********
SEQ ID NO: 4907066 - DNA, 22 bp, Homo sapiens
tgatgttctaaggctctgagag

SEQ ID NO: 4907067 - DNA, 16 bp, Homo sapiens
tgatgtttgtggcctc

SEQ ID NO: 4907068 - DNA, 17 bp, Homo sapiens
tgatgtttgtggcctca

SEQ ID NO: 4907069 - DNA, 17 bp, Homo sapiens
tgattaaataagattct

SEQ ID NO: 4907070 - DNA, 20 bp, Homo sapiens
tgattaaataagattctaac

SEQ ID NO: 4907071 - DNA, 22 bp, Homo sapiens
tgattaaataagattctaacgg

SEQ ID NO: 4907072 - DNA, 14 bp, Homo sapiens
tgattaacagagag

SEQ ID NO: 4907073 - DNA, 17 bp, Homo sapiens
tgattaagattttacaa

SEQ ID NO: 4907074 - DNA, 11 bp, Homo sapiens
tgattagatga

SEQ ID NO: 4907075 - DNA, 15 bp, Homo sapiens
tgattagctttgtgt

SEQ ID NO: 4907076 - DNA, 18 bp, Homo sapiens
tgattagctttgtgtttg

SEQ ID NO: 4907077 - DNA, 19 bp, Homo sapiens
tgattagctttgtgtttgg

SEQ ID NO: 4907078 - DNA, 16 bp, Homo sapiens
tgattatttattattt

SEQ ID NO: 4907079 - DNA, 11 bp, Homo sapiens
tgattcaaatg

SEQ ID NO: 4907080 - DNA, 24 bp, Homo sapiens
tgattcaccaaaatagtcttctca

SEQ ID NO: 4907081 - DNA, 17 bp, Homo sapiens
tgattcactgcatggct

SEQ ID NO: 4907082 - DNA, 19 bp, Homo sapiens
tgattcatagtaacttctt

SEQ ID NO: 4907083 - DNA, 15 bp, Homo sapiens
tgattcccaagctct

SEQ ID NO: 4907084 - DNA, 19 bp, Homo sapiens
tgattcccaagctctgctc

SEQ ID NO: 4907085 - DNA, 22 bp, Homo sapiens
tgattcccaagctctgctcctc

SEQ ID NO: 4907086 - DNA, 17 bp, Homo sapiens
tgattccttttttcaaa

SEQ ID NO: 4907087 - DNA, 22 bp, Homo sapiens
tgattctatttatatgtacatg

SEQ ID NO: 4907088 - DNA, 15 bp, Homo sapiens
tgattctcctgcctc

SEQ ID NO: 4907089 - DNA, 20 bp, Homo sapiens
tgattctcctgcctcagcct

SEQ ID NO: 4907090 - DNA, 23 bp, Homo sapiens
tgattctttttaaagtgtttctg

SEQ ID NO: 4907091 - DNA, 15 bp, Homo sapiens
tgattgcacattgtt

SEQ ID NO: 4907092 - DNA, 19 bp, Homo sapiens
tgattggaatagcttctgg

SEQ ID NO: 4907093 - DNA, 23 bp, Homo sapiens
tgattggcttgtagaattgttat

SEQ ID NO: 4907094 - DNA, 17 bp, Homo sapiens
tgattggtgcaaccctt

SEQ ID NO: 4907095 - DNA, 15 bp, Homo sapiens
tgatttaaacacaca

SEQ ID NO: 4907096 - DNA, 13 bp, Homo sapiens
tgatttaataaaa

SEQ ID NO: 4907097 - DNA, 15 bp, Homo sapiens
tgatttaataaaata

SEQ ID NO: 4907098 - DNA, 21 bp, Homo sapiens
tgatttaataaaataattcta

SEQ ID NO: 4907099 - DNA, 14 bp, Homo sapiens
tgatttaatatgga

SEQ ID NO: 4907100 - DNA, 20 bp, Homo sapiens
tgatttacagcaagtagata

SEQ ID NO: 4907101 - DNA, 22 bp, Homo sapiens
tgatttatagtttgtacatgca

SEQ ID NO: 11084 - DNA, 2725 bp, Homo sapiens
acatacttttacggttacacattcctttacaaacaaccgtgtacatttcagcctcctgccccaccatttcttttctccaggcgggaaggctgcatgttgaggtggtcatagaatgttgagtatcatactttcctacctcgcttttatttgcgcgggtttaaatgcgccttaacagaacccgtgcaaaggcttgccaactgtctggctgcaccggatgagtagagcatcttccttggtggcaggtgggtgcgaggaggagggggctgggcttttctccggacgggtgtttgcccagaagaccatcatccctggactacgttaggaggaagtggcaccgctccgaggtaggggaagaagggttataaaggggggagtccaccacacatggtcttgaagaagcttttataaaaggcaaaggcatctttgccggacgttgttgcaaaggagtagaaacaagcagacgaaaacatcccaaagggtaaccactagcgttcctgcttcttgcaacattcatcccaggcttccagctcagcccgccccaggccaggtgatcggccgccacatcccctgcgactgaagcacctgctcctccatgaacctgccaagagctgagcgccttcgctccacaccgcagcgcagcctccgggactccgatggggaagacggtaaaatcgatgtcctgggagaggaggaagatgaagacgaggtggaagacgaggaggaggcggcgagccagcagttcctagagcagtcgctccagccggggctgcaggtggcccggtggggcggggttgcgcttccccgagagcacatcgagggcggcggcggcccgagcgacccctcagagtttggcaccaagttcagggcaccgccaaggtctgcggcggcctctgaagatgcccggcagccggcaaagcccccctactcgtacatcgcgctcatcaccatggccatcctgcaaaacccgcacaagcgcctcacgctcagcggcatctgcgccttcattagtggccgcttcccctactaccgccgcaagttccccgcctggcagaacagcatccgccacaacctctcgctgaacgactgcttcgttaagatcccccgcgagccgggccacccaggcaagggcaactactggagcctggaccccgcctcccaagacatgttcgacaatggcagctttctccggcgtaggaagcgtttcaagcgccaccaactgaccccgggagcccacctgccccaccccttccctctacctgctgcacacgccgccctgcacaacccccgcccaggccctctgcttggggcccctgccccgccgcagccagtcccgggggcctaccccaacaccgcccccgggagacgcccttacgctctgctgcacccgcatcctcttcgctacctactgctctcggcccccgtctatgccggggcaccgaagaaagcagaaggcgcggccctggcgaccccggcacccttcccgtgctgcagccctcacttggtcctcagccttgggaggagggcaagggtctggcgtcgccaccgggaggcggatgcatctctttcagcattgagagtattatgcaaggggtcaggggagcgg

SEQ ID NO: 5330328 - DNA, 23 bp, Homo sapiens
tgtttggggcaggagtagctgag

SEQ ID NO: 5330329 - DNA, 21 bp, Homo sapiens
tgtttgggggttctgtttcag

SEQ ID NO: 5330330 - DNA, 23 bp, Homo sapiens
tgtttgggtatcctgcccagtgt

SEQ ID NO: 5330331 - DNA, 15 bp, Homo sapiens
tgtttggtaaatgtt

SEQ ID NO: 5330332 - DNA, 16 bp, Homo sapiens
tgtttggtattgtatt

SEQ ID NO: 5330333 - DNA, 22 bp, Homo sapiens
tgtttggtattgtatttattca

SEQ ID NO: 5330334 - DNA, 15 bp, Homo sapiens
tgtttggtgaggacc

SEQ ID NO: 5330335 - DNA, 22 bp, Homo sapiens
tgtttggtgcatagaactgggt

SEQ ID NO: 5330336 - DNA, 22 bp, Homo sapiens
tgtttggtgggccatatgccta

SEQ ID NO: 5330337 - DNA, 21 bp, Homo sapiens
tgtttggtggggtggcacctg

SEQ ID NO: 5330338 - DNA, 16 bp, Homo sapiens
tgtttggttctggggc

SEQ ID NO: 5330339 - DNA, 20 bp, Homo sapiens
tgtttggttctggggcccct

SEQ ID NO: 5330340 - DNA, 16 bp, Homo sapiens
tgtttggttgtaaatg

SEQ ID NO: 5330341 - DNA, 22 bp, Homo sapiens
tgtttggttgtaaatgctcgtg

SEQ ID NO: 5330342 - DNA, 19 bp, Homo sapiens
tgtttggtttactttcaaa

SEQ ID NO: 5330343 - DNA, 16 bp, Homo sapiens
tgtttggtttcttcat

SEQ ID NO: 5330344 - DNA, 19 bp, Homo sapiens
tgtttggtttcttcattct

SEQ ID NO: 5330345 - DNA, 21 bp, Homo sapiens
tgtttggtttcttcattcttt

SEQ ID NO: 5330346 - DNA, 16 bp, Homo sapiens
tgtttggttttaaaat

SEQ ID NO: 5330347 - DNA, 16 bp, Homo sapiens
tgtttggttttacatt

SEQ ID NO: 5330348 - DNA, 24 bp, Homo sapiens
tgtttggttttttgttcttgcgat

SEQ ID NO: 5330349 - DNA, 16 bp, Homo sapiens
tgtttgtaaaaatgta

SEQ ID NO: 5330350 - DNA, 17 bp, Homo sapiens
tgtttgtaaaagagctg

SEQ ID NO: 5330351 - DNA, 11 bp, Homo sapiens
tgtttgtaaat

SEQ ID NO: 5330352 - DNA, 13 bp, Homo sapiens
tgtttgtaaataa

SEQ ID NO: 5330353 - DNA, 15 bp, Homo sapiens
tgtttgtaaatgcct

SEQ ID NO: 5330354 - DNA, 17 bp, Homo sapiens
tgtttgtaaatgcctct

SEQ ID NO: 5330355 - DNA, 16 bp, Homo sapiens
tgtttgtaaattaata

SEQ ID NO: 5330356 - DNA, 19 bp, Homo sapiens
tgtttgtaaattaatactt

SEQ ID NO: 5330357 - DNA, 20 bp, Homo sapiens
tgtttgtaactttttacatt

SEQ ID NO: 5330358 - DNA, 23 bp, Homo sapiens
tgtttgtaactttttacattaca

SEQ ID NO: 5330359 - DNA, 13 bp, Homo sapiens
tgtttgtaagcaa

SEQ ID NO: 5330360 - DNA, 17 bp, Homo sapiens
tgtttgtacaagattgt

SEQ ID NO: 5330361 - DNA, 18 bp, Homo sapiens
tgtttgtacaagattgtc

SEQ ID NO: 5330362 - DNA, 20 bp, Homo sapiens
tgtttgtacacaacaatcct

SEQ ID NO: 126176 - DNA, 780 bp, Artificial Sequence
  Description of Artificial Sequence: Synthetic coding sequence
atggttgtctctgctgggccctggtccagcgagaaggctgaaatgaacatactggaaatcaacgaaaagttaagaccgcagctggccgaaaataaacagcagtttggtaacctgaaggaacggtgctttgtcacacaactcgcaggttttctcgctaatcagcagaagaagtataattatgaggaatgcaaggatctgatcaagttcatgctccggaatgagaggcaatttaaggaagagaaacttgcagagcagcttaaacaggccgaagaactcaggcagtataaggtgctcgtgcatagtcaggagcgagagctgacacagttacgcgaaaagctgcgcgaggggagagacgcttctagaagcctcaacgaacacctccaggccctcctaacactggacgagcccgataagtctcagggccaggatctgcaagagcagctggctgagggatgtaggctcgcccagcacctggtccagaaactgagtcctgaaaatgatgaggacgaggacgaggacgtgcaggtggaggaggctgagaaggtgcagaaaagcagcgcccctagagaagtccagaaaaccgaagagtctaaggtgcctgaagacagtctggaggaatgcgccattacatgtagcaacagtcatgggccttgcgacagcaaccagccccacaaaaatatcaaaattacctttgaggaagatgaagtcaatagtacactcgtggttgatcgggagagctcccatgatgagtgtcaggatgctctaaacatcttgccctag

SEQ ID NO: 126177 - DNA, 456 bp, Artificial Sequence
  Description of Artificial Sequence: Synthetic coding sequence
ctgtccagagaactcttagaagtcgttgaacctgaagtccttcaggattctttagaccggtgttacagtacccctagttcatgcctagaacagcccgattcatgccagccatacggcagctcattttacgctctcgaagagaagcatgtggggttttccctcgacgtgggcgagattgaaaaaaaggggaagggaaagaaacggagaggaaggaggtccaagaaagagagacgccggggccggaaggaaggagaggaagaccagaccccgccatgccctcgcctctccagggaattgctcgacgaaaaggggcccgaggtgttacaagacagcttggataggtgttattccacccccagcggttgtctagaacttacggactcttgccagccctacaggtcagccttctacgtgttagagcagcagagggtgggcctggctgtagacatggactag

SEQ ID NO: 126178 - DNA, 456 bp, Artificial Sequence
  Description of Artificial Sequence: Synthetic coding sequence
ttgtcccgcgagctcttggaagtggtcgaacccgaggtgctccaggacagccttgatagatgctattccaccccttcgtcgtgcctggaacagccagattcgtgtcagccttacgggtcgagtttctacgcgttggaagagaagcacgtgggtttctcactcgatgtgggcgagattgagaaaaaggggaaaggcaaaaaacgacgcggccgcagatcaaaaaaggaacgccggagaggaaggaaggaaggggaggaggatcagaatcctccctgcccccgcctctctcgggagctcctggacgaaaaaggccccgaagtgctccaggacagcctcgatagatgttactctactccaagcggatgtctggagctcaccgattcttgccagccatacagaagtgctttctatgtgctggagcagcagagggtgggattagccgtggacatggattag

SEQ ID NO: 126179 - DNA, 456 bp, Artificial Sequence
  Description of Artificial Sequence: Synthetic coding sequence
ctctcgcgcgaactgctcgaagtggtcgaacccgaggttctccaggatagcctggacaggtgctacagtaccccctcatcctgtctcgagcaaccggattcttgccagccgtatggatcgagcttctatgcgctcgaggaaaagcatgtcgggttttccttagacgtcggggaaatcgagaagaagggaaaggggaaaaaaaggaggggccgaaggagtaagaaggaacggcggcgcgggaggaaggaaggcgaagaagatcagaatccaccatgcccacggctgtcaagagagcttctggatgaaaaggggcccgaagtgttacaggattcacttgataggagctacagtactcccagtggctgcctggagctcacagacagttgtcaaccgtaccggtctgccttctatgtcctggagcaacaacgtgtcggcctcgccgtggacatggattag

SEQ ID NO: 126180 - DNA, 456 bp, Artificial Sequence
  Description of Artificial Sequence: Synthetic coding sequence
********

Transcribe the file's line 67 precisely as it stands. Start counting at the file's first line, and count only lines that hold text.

SEQ ID NO: 4907099 - DNA, 14 bp, Homo sapiens